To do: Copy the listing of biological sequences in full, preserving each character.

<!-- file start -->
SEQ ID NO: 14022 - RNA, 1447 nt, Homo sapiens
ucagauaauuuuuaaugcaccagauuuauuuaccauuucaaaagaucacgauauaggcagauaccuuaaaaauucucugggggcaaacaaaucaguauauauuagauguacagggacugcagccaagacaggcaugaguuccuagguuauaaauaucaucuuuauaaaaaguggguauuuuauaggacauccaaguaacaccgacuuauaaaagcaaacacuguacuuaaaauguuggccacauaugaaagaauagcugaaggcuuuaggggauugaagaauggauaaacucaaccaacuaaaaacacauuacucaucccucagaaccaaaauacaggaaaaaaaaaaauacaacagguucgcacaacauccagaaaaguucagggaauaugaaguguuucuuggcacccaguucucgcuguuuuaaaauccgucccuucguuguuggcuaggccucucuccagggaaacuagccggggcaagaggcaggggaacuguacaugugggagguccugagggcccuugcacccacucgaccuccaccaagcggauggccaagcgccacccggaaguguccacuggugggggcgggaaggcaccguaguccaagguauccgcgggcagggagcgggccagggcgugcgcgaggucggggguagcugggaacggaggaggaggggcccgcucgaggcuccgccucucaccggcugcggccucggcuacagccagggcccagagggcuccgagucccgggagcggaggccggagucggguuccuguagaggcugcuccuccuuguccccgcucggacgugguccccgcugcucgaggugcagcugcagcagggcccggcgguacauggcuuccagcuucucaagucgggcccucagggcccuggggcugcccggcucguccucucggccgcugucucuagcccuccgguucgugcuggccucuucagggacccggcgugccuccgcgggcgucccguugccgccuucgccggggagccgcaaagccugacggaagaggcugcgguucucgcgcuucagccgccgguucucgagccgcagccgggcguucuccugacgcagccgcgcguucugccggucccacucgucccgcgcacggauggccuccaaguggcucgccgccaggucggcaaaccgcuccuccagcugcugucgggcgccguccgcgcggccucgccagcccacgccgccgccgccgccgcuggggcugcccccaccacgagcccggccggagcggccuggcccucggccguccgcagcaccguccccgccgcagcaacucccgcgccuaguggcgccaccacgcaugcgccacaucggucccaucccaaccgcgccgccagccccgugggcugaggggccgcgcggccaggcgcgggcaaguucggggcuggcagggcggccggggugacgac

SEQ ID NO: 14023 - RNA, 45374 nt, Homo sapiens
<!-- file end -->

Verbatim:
SEQ ID NO: 14022 - RNA, 1447 nt, Homo sapiens
ucagauaauuuuuaaugcaccagauuuauuuaccauuucaaaagaucacgauauaggcagauaccuuaaaaauucucugggggcaaacaaaucaguauauauuagauguacagggacugcagccaagacaggcaugaguuccuagguuauaaauaucaucuuuauaaaaaguggguauuuuauaggacauccaaguaacaccgacuuauaaaagcaaacacuguacuuaaaauguuggccacauaugaaagaauagcugaaggcuuuaggggauugaagaauggauaaacucaaccaacuaaaaacacauuacucaucccucagaaccaaaauacaggaaaaaaaaaaauacaacagguucgcacaacauccagaaaaguucagggaauaugaaguguuucuuggcacccaguucucgcuguuuuaaaauccgucccuucguuguuggcuaggccucucuccagggaaacuagccggggcaagaggcaggggaacuguacaugugggagguccugagggcccuugcacccacucgaccuccaccaagcggauggccaagcgccacccggaaguguccacuggugggggcgggaaggcaccguaguccaagguauccgcgggcagggagcgggccagggcgugcgcgaggucggggguagcugggaacggaggaggaggggcccgcucgaggcuccgccucucaccggcugcggccucggcuacagccagggcccagagggcuccgagucccgggagcggaggccggagucggguuccuguagaggcugcuccuccuuguccccgcucggacgugguccccgcugcucgaggugcagcugcagcagggcccggcgguacauggcuuccagcuucucaagucgggcccucagggcccuggggcugcccggcucguccucucggccgcugucucuagcccuccgguucgugcuggccucuucagggacccggcgugccuccgcgggcgucccguugccgccuucgccggggagccgcaaagccugacggaagaggcugcgguucucgcgcuucagccgccgguucucgagccgcagccgggcguucuccugacgcagccgcgcguucugccggucccacucgucccgcgcacggauggccuccaaguggcucgccgccaggucggcaaaccgcuccuccagcugcugucgggcgccguccgcgcggccucgccagcccacgccgccgccgccgccgcuggggcugcccccaccacgagcccggccggagcggccuggcccucggccguccgcagcaccguccccgccgcagcaacucccgcgccuaguggcgccaccacgcaugcgccacaucggucccaucccaaccgcgccgccagccccgugggcugaggggccgcgcggccaggcgcgggcaaguucggggcuggcagggcggccggggugacgac

SEQ ID NO: 14023 - RNA, 45374 nt, Homo sapiens